Canada pledges additional $100 million in humanitarian aid to Ukraine
Prime Minister Justin Trudeau announced on Saturday that Canada would provide an additional $100 million in aid to help ease the ongoing refugee and humanitarian crisis sparked by the Russian invasion of Ukraine.
“This is a moment where the world needs to come together, to stand up for Ukraine and to stand up for our values and principles,” Trudeau said as part of his closing remarks, delivered remotely to a global pledge rally from Ottawa.
The rally, co-hosted by Trudeau and European Commission President Ursula von der Leyen, culminated Saturday in commitments of $12.4 billion from countries to help with the crisis. The funds promised by Canada will be channelled through humanitarian agencies.
The humanitarian funding comes on top of new promises unveiled in the federal budget this week, which included $500 million in military aid, as well as an offer of an additional $1 billion in loans to Ukraine.
Trudeau also highlighted changes to Canada’s immigration system that are intended to help more people fleeing the conflict find refuge in this country. Those changes include additional charter flights, short-term income support, temporary accommodation in hotels and more help with integration.
In a call later on Saturday, Zelensky thanked Trudeau for his participation in the pledge rally, while both leaders condemned recent Russian actions and called on the country to end the war in Ukraine.
Sean Fraser, Canada’s immigration minister, said earlier this week that more than 12,000 Ukrainians have arrived in Canada since the beginning of the year. Earlier in the week, Canada had received more than 112,000 applications for an expedited program to come to Canada, and 30,000 of those applications had been approved, he said Saturday.
Fraser said Canada was already suspending biometrics collection — a key part of the process — for some low-risk groups, including people under 18, those over 60 and some people with previous Canadian visas.
Almost 4.5 million refugees have left Ukraine since the start of the conflict on Feb. 24, according to the United Nations. More than half of those are in Poland, where the pledge rally was held Saturday.
Sincere thanks to <a href=”https://twitter.com/vonderleyen?ref_src=twsrc%5Etfw”>@vonderleyen</a>, <a href=”https://twitter.com/JustinTrudeau?ref_src=twsrc%5Etfw”>@JustinTrudeau</a>, <a href=”https://twitter.com/GlblCtzn?ref_src=twsrc%5Etfw”>@GlblCtzn</a> for supporting 🇺🇦, millions of Ukrainians. The <a href=”https://twitter.com/hashtag/StandUpForUkraine?src=hash&ref_src=twsrc%5Etfw”>#StandUpForUkraine</a> initiative has already raised $10+ bn. This is a huge contribution to 🇺🇦’s support after 🇷🇺 invasion. Grateful to everyone who joins. Let’s do it together! <a href=”https://t.co/7YxbZAYCEk”>https://t.co/7YxbZAYCEk</a>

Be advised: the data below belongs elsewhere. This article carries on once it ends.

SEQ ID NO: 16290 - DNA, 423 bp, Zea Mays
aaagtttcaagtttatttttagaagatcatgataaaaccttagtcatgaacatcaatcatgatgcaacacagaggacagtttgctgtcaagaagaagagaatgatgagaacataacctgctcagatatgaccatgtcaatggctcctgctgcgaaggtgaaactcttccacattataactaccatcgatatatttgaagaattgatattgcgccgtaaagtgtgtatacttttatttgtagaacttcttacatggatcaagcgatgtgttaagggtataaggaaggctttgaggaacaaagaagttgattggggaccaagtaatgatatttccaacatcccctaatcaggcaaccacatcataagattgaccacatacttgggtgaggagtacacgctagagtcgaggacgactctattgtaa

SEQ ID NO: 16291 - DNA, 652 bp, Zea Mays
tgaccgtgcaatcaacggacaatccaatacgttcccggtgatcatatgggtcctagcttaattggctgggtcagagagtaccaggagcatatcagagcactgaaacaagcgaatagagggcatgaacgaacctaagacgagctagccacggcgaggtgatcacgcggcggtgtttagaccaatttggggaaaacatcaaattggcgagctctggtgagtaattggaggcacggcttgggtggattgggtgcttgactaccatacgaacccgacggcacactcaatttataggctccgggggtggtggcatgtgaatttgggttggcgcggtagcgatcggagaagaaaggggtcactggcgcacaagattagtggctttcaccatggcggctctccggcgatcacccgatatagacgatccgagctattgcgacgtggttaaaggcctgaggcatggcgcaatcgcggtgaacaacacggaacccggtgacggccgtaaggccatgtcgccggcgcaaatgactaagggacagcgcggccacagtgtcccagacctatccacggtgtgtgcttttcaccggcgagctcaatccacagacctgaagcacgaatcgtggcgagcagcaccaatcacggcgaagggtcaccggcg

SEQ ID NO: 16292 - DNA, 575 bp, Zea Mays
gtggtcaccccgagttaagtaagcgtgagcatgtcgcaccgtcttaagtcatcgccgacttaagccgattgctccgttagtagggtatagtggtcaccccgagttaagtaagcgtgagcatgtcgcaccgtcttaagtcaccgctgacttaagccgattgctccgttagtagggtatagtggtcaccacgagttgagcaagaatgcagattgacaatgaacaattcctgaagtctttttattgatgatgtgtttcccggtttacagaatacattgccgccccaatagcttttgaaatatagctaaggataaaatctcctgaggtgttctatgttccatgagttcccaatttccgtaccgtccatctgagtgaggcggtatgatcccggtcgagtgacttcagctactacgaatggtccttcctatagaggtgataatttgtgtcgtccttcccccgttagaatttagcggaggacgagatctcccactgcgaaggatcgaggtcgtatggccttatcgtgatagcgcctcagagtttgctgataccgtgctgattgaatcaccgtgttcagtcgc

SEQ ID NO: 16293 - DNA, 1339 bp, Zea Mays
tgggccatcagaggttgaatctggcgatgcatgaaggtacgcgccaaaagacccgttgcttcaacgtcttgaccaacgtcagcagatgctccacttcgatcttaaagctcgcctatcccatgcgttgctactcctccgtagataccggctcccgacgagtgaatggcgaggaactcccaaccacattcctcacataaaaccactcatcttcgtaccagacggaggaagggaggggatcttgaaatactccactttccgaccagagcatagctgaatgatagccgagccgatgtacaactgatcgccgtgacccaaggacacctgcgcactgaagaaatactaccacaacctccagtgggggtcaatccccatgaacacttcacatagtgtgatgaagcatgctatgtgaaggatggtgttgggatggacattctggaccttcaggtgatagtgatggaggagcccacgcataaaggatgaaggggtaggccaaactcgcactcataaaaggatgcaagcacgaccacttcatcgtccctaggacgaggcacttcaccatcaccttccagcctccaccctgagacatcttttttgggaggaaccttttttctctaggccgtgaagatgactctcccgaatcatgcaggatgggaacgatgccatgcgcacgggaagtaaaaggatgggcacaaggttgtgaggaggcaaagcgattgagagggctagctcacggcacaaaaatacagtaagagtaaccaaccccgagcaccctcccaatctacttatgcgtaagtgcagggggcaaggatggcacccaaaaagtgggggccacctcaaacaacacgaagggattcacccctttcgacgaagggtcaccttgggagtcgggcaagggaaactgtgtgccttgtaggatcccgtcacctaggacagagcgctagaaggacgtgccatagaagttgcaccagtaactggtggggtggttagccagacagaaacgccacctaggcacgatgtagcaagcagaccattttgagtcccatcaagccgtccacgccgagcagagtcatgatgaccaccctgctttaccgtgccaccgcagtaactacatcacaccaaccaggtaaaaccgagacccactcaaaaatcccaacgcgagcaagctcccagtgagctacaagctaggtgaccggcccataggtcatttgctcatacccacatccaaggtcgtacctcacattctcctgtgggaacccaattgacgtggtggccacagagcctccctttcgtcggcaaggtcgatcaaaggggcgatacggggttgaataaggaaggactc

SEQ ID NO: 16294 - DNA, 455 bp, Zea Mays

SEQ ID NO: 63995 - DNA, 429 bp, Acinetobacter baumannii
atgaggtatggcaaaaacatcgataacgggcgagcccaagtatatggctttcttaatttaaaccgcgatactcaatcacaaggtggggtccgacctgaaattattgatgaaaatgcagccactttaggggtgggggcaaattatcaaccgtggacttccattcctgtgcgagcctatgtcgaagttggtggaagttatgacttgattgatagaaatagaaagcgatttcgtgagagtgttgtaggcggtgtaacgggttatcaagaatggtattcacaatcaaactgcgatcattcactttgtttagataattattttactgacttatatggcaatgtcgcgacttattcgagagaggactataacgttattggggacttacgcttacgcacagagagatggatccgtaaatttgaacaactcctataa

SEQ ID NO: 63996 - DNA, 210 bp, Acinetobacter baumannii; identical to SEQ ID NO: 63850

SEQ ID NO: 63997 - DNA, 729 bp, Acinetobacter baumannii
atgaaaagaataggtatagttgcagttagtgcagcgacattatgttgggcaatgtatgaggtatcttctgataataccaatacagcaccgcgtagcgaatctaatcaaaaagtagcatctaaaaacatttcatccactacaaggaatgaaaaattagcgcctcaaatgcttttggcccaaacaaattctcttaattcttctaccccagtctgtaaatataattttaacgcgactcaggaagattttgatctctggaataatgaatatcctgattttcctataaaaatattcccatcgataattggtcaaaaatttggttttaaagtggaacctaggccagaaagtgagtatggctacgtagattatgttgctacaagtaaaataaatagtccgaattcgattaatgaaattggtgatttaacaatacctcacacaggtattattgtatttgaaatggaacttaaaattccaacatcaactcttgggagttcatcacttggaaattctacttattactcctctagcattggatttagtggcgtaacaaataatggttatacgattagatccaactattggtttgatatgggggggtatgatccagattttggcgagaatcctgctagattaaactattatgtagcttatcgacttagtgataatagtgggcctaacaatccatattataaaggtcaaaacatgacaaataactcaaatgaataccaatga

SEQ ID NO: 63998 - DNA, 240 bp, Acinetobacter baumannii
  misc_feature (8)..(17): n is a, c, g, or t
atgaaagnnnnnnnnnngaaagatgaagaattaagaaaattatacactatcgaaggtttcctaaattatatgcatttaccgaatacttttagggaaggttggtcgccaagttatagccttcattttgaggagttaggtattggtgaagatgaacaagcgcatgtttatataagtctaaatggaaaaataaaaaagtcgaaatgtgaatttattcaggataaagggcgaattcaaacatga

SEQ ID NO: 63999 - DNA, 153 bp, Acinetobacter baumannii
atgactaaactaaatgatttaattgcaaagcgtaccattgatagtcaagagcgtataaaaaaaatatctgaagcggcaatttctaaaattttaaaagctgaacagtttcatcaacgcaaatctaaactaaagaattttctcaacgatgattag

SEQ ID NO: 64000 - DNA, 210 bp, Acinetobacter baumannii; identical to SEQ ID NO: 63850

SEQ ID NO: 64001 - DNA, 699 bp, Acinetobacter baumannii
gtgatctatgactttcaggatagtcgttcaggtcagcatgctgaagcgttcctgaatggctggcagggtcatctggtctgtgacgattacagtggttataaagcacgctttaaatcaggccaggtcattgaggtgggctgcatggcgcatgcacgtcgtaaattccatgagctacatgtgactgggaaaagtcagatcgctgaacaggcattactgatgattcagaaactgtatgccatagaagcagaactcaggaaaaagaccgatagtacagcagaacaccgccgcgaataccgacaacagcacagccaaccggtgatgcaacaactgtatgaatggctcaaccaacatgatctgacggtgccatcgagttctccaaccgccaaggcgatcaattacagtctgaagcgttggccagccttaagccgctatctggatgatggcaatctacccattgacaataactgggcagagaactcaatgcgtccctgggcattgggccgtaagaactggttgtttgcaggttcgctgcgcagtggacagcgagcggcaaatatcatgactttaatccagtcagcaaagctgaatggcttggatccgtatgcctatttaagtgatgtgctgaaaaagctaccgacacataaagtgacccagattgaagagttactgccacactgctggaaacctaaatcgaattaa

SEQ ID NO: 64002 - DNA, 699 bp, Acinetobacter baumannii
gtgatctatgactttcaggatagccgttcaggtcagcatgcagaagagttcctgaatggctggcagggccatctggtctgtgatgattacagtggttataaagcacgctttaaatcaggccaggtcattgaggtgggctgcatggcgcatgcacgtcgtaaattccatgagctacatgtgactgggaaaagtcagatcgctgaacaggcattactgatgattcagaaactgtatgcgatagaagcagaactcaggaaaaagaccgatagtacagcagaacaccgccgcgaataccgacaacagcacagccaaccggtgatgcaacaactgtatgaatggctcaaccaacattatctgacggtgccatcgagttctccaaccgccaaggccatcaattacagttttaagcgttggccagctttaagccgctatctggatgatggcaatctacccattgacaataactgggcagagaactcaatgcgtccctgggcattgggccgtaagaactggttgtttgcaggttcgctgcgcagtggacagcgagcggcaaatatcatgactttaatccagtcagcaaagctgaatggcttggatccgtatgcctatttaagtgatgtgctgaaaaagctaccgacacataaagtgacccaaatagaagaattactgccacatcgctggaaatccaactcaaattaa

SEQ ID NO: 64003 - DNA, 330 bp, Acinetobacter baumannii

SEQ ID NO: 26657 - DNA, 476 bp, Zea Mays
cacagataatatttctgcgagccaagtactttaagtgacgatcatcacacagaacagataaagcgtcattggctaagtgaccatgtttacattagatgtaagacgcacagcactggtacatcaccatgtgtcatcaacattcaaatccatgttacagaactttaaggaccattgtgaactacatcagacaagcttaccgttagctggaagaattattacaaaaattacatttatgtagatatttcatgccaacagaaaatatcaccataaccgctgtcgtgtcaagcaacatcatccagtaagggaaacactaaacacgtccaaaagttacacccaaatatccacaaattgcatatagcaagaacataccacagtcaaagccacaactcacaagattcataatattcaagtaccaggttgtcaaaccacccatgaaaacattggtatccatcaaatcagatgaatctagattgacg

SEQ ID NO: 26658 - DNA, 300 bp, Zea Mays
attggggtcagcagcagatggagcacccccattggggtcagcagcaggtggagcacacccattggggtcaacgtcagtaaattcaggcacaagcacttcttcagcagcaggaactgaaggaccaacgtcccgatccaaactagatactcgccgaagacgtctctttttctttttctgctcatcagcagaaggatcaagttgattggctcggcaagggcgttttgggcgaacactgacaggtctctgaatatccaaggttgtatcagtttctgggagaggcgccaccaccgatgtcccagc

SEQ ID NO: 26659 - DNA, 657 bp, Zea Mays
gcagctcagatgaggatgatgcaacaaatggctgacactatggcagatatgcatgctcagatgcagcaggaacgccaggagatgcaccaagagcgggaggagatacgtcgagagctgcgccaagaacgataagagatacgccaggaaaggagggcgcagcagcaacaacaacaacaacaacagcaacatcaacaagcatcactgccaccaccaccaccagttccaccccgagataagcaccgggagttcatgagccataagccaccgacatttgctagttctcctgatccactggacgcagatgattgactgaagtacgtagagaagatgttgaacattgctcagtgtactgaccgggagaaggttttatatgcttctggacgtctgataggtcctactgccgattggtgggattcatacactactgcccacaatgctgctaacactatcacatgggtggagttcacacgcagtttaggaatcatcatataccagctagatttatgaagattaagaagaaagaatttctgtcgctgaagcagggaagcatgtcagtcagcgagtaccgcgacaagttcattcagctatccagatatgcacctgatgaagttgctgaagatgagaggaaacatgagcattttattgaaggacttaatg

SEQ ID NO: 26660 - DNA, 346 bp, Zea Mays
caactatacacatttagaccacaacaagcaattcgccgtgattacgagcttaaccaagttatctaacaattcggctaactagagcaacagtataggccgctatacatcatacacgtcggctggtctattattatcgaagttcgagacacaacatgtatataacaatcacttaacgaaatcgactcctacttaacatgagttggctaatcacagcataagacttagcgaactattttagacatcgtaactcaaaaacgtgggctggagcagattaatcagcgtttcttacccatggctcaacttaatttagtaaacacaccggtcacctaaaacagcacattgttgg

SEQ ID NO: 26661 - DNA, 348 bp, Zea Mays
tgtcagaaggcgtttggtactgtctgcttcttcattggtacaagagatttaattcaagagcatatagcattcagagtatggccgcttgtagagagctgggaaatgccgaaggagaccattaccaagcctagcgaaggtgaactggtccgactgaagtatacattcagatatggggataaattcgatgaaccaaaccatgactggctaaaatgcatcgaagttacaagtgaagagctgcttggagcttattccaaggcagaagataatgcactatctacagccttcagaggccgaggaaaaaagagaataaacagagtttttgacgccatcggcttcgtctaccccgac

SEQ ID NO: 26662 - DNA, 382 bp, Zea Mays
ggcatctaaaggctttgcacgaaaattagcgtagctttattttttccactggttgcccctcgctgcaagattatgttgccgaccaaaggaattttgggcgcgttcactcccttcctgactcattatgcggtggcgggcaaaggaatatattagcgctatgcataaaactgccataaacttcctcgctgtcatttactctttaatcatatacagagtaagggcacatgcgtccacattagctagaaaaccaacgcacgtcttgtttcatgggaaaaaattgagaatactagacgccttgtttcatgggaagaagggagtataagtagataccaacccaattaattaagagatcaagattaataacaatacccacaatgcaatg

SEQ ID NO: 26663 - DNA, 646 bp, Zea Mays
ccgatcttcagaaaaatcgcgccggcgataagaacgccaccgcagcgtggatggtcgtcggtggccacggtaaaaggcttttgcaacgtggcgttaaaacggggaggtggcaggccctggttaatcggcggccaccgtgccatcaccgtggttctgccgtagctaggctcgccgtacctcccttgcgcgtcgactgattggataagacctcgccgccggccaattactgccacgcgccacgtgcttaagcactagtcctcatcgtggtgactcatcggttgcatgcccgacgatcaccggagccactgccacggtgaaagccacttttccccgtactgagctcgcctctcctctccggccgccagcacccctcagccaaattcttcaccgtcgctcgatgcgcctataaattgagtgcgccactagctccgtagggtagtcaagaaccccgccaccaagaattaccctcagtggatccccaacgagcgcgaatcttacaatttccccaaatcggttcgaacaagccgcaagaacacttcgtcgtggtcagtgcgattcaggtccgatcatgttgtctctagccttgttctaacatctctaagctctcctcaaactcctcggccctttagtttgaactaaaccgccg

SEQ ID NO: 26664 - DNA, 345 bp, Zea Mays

Denunciations of alleged war crimes
The policy moves come as Canadian officials are turning up the temperature on their rhetoric concerning Russia, prompted by revelations and mounting evidence of alleged war crimes perpetrated by Russia in Ukraine. Those accusations have this week centred on the town of Bucha, near the capital Kyiv, where witnesses have seen evidence of murdered and tortured civilians.
Trudeau referred to the conflict on Saturday as “Vladimir Putin’s evil war” and denounced attacks against civilians — and particularly sexual violence against women — as an attempt “to crush the Ukrainian spirit, the Ukrainian identity.” Foreign Affairs Minister Mélanie Joly said earlier in the week that what happened in Bucha was “clearly war crimes.”
In her budget speech on Thursday, Finance Minister Chrystia Freeland, who is also deputy prime minister, explicitly labelled Putin a war criminal.
“The world’s democracies — including our own — can be safe only once the Russian tyrant and his armies are entirely vanquished,” she said.
In an interview on CBC’s The House, which aired Saturday, Freeland, who has close personal and familial ties with Ukraine, said she delivered that speech in her official capacity.
“That was a statement of a really important fact for Canada’s national security. The reality today — and it is a terrible reality — is that Vladimir Putin is the biggest threat to Canada’s national security and the security of the world,” she told host Chris Hall.
Freeland said Ukraine is on the front line of that fight and needs Canada’s support.
“They are fighting this fight. They are dying in this fight, but we can help them.”
Russia has denied that its military forces were responsible for the deaths in Bucha, claiming the images were fabricated.
Speaking to CBC’s Power & Politics earlier this week, Canada’s ambassador to the United Nations, Bob Rae, said Russia should not be believed.
“I think it’s just preposterous for the Russians to claim it’s all fake. It’s not fake. There is more of it to come.”